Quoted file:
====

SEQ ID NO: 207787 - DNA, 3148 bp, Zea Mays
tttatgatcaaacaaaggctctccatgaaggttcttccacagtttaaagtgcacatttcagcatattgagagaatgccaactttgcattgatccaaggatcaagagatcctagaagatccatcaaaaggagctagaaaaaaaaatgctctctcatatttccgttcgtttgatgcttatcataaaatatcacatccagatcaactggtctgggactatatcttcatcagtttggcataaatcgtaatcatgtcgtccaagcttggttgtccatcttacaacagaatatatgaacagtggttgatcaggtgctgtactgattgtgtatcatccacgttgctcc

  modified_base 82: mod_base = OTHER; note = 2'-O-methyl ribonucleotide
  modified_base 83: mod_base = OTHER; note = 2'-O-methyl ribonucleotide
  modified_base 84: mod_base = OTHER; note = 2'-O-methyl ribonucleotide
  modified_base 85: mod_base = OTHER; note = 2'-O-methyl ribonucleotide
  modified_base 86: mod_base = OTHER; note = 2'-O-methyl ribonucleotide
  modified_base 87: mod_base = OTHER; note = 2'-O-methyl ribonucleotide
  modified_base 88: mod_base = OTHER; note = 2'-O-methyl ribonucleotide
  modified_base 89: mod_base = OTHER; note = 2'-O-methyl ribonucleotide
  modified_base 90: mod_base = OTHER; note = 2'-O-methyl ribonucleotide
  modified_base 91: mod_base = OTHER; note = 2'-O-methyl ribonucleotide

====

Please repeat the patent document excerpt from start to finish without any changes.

SEQ ID NO: 207787 - DNA, 3148 bp, Zea Mays
tttatgatcaaacaaaggctctccatgaaggttcttccacagtttaaagtgcacatttcagcatattgagagaatgccaactttgcattgatccaaggatcaagagatcctagaagatccatcaaaaggagctagaaaaaaaaatgctctctcatatttccgttcgtttgatgcttatcataaaatatcacatccagatcaactggtctgggactatatcttcatcagtttggcataaatcgtaatcatgtcgtccaagcttggttgtccatcttacaacagaatatatgaacagtggttgatcaggtgctgtactgattgtgtatcatccacgttgctcc

  modified_base 82: mod_base = OTHER; note = 2'-O-methyl ribonucleotide
  modified_base 83: mod_base = OTHER; note = 2'-O-methyl ribonucleotide
  modified_base 84: mod_base = OTHER; note = 2'-O-methyl ribonucleotide
  modified_base 85: mod_base = OTHER; note = 2'-O-methyl ribonucleotide
  modified_base 86: mod_base = OTHER; note = 2'-O-methyl ribonucleotide
  modified_base 87: mod_base = OTHER; note = 2'-O-methyl ribonucleotide
  modified_base 88: mod_base = OTHER; note = 2'-O-methyl ribonucleotide
  modified_base 89: mod_base = OTHER; note = 2'-O-methyl ribonucleotide
  modified_base 90: mod_base = OTHER; note = 2'-O-methyl ribonucleotide
  modified_base 91: mod_base = OTHER; note = 2'-O-methyl ribonucleotide